Marcus Hedges Lewis

Author: Sandra Copas
Date published: 23/03/2022

Marcus Hedges Lewis

Marcus was born in Newbury in 1839, the son of John Lewis and Jane nee Weedon.

John Lewis was born in Tewkesbury, Gloucestershire in 1799. He comes from a family heavily involved in hosiery and ribbon manufacture and was a Mercer at the time of their marriage in Newbury in May 1822. (A lot of information is available about the Lewis family through Andrew Robert Deane’s Tree on Ancestry – The Deanes of County Cavan). Jane was the daughter of Timothy, a Draper (born in London in 1771) and Ann nee Pizzie (born in Aldbourne, Wiltshire in 1773).

The Census for 1841 shows them living in the Market Place, Newbury and John’s occupation is that of Draper. On this Census, under John and Jane, are listed Henry 15, Walter 15 and Marcus age 1.  John is Mayor of Newbury in 1841. However, on the 1851 Census, only John, Jane and Henry are listed living at Greenham Cottage, near Goldings Yard, Thatcham. John is now retired but, the odd detail is that Henry is given as age 10. Walter dies at the age of 20 in 1844 and is buried at the Lower Meeting House. They also had a daughter, Jane Julia, who only lived for one year and 11 months, dying in 1844.

Marcus’s mother dies in 1853 and a Guardianship is set up through the courts, supported by John Lewis of 3 Vale Place, Guildford, for his care and education. These monies come out of the estate of his grandfather, Timothy Weedon, being part of the property which Marcus will become entitled to. Timothy died in Newbury in 1851.

In 1861, Marcus is living with his uncle, Austin Champion and aunt, Esther nee Lewis at Ham Mills, Thatcham. Austin is a Miller and later the proprietor of this property. The flour produced there is reputed to be of superior quality and Marcus learns about the business, becoming a Master Miller and taking over the mill on 6th. May, 1879.

Marcus marries Elizabeth Bennett, daughter of Simon and Louisa nee de Selvier Sallis at Holy Trinity Church, Clapham on 22nd. February, 1865. Simon was a Butcher and meat salesman. In 1871, Marcus and Elizabeth are living in London Road, Speen with son, John Austin Emiel (sometimes given as Ernest) age 5 and daughters, Louisa Jane 3, Alice Elizabeth 1 and Katherine May. Marcus is noted as a Master Miller and Reader of St Mary’s, Speenhamland. By the 1881 Census, the family are at Waterloo Terrace, Woodspeen and Marcus is listed there with daughters, Katherine 10, Esther 8, Daisy Anne 7 and Gertrude Maud 4.

Marcus is reported in the Reading Mercury many times through the 1870s-1890s as he is involved in local events and social activities, including the possibility of election to the new borough; meetings of the Newbury and District Angling Association (he was a passionate and accomplished angler, with specimens included in an exhibition in 1883), the St Nicholas’ Stained-Glass Window Society, the Religious Tract Society and for the organisation of the Conservative Party in the Newbury Division (1885). He attended the meetings of Greenham Common freeholders about recent fires (1886); of Didcot, Newbury and Southampton Junction Railway shareholders (1881); became a member of the Newbury Chamber of Agriculture (1879); was present at the laying of the foundation stone for the new Greenham Parish Church (1875) and was one of the people collecting contributions for the proposed Iron Mission Church in Shaw (1876). He also took part in fund-raising entertainments for the Woodspeen East Reading Room.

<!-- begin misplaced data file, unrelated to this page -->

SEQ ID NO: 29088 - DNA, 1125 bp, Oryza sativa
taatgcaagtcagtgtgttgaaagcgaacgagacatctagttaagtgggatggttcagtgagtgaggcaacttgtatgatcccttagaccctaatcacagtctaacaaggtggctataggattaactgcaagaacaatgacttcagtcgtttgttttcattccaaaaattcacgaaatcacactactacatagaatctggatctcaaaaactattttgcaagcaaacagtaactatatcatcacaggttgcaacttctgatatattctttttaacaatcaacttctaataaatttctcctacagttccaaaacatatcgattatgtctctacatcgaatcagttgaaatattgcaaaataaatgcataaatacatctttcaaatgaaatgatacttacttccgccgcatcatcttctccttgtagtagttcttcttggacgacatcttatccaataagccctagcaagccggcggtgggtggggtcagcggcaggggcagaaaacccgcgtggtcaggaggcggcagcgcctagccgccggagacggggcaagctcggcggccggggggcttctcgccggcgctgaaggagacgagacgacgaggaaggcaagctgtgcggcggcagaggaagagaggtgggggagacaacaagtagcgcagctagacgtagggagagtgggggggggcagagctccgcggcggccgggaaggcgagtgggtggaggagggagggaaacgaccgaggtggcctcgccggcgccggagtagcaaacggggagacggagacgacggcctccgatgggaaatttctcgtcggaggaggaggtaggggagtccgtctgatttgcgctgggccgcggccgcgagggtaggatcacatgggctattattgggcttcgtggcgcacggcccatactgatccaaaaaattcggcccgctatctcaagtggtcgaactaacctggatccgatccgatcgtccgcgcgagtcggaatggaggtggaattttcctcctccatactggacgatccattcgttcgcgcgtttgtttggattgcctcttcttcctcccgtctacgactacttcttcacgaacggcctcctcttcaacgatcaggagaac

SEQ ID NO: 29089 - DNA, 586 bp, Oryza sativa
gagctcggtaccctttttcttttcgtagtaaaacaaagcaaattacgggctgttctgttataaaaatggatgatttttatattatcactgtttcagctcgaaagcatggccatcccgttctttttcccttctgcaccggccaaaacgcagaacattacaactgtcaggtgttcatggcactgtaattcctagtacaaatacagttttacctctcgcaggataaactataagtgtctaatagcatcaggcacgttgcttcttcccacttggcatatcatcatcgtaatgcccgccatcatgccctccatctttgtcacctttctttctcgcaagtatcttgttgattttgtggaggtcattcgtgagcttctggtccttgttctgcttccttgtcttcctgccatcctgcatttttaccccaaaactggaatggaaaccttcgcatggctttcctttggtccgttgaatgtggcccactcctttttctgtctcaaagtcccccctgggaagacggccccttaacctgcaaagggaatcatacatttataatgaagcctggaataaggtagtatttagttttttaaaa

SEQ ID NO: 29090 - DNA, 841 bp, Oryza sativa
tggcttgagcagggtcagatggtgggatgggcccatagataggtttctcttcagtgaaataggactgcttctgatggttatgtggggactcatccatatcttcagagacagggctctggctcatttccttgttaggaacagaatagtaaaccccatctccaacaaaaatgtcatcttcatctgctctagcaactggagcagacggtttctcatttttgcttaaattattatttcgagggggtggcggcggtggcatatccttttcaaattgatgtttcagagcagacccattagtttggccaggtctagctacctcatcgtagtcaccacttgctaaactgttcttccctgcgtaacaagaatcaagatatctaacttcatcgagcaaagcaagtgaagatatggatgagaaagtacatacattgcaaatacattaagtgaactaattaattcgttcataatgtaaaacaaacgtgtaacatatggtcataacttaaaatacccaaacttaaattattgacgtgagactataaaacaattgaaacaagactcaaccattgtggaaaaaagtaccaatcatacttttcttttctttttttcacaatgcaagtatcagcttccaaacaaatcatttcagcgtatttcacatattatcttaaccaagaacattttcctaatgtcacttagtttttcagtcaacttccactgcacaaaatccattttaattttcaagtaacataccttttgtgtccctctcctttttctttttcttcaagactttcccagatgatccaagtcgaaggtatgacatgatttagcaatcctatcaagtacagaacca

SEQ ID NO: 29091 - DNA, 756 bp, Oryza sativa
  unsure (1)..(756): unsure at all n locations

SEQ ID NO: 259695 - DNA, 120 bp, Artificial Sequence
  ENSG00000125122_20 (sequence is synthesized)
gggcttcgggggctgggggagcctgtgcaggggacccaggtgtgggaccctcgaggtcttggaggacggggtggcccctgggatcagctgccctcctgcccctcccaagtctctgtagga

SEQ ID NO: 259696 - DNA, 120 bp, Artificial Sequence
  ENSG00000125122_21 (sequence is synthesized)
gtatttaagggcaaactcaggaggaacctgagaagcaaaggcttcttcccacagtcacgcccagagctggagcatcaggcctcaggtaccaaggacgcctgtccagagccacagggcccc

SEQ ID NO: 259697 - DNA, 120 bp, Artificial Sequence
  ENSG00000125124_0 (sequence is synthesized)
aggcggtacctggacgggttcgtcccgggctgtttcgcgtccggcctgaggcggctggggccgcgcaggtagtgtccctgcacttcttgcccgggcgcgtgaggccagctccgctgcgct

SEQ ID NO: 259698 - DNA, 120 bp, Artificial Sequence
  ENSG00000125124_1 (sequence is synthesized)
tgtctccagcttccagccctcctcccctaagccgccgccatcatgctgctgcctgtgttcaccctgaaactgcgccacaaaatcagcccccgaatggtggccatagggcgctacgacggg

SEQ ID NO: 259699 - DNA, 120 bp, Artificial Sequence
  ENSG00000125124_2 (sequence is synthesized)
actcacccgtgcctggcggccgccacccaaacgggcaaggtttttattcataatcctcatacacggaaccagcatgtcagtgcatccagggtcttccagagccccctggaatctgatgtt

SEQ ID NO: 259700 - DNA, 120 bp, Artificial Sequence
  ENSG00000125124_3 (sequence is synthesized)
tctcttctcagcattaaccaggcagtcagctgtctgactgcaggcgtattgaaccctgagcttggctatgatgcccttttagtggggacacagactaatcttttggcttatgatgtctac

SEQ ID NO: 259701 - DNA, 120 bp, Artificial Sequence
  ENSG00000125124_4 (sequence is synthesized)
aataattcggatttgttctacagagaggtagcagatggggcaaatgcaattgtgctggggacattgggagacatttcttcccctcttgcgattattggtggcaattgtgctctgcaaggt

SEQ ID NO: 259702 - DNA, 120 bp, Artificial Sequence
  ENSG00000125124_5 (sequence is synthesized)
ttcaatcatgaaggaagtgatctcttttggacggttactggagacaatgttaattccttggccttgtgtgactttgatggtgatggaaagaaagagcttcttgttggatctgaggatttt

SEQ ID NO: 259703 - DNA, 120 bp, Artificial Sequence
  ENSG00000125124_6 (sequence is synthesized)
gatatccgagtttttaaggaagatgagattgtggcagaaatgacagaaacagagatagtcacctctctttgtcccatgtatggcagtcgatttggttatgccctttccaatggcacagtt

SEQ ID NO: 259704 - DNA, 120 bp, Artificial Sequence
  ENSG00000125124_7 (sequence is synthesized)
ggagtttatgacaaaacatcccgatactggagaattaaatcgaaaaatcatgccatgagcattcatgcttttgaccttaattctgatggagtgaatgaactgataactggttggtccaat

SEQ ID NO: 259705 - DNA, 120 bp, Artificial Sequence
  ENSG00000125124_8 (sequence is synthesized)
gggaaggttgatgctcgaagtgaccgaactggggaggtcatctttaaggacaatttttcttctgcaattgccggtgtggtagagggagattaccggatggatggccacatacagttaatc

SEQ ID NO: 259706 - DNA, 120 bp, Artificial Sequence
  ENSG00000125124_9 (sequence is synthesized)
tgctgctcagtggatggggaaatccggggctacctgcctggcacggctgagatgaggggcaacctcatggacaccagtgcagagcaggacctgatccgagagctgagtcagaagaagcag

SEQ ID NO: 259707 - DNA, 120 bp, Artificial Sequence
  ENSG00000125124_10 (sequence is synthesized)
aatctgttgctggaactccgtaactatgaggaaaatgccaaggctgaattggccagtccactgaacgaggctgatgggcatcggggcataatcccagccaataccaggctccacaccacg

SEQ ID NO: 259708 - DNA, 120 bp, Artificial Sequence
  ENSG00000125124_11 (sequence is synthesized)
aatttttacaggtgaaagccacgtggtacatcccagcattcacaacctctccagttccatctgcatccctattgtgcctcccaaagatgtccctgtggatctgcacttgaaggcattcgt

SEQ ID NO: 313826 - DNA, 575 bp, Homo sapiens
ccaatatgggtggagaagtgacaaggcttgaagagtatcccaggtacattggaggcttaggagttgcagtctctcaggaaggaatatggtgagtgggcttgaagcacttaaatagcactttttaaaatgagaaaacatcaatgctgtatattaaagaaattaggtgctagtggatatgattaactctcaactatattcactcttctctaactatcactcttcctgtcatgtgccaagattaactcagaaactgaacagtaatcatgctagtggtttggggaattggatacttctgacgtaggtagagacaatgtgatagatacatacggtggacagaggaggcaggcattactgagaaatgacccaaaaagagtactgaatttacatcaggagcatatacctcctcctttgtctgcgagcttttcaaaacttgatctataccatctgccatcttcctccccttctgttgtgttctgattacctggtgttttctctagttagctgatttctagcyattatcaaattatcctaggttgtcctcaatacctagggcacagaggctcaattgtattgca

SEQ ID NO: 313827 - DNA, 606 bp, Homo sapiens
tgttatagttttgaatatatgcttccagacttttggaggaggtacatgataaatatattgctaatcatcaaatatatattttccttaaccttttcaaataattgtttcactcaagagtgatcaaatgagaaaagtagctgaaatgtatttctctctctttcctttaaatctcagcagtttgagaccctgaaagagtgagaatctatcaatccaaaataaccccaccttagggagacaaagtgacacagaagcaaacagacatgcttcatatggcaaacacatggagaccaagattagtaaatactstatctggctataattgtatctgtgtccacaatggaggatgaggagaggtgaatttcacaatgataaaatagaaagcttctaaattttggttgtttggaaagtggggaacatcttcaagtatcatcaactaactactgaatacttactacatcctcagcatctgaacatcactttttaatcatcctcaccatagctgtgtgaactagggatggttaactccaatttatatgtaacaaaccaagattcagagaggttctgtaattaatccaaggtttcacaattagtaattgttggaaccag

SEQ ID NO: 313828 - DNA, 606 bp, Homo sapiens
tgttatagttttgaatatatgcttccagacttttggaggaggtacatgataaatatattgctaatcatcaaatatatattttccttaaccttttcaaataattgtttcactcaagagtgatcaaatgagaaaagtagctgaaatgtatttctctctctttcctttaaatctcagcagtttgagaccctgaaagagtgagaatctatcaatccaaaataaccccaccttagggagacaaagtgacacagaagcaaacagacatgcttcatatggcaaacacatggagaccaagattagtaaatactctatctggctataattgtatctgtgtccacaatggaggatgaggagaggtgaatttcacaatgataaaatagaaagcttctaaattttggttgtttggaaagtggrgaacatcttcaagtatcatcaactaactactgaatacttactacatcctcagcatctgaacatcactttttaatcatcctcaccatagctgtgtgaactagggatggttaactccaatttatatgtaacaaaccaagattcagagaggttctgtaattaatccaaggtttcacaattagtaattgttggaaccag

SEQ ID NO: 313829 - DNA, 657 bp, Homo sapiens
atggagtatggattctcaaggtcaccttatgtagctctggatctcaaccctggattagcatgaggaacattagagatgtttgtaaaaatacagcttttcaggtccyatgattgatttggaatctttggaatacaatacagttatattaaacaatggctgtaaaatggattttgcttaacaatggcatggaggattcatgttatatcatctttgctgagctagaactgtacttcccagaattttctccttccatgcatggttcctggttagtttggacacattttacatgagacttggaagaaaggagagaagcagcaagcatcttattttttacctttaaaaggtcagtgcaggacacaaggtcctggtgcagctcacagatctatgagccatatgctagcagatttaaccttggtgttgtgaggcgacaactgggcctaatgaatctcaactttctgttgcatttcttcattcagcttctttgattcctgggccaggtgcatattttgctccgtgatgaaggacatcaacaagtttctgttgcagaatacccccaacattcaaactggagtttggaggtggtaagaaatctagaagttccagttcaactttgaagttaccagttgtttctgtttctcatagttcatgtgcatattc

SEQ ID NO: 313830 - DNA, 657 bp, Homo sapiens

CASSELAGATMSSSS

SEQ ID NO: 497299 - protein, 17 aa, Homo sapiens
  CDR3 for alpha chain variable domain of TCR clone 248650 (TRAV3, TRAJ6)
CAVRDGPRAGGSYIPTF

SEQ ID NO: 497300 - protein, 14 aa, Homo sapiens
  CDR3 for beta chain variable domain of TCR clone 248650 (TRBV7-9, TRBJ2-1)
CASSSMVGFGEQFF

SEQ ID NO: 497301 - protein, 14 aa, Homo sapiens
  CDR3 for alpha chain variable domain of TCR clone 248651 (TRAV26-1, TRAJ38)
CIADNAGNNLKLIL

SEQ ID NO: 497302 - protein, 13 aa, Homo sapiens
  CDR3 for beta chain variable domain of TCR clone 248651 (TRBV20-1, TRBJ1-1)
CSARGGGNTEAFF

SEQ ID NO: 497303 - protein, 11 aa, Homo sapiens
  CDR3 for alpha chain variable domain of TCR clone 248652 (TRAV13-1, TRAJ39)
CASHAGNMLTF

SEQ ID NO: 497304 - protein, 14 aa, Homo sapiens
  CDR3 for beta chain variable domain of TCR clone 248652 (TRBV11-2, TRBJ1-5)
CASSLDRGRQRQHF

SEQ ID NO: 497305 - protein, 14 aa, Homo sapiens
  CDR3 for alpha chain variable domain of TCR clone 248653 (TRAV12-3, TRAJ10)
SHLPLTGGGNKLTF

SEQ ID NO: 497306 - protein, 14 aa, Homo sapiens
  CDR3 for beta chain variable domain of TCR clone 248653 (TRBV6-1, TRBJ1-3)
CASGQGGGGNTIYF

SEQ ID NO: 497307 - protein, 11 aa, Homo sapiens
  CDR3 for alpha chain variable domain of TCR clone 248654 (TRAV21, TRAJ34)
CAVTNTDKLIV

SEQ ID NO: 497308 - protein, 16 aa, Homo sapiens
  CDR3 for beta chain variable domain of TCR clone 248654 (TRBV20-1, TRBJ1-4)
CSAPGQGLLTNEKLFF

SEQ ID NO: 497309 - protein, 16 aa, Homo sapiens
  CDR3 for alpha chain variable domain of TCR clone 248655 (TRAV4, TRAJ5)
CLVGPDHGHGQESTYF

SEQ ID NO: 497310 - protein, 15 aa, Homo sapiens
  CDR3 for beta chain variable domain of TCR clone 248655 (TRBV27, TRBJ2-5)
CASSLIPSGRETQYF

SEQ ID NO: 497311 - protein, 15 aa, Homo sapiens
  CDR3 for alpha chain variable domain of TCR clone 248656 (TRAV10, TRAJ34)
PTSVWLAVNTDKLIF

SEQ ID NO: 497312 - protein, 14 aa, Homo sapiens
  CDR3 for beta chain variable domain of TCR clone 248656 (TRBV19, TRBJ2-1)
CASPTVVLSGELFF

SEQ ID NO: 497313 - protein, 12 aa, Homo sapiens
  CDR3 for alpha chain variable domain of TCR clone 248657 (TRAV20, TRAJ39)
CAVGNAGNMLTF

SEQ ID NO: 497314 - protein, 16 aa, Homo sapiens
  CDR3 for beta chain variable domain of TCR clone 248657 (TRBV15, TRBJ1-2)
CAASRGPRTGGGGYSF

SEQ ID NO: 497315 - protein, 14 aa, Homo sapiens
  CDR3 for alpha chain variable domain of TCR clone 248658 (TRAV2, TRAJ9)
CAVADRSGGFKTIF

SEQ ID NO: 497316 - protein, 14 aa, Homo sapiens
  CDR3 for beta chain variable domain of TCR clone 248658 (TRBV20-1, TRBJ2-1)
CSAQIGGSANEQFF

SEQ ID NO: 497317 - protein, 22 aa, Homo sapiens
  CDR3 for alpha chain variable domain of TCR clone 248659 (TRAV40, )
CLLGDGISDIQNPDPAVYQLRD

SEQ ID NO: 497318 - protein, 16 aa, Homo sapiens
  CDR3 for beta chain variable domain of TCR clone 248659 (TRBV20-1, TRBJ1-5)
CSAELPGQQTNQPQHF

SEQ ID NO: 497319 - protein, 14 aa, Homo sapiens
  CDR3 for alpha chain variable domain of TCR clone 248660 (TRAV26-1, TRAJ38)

Matters regarding his property and finances also appear. The freehold of the house at 2 Waterloo Terrace is up for auction in 1870 and again in 1882. Marcus advertises for a Foreman and an Accountant for Ham Mills in 1872. He is in trouble in 1886 and noted as the “late proprietor of Ham Mill” and bailiffs are said to be in the house. His wife and children are no longer with him and he can not afford to support them. This led to his accusation of theft against his son and another boy when they took items, including fishing rods, from the mill to raise funds for their family. The case was not answered as Marcus did not appear in court when called. These difficulties might, in part, have been due to the extensive work he had done at Ham Mill, including the building of a private chapel.

Marcus then follows his calling and becomes a member of the Reformed Church of England and in 1891 he is in Braintree, Essex, a Clerk in Holy Orders. It appears that later he lost money gambling and attempted to forge a donation cheque from the Rev. J.L. Tarbett. He was arrested in Vicarage Road, Eccles and the case was taken to the Old Bailey on 13th. September, 1898. Marcus was found guilty and sentenced to 15 months (hard labour) in Pentonville Prison.

In 1901, his occupation is given as a minister in the Reformed Church of England and he is living with his wife, Elizabeth (noted as a Professor of Music) and their daughter, Katherine, in Southcote Road, Bournemouth. His death on 27th December, 1907 occurs in Newbury, where he is living at 2 Priory Road. He is buried with his uncle and aunt, Austin and Esther Champion, in Newtown Road Cemetery on 31st December, 1907.


(i) Elizabeth, his wife, is living at Brighton Villa, Craven Road, Newbury in 1891, with daughter, Gertrude Maud.

(ii) I could not establish why Hedges is part of Marcus’ name but, believe it comes from the Weedon side of the family as John Weedon, solicitor and owner of Western Elms Lodge, Oxford Road, Reading and his wife, Sarah nee Keep, have a son named Francis Hedges Weedon (1831-1904).

Sandra Copas March 2022


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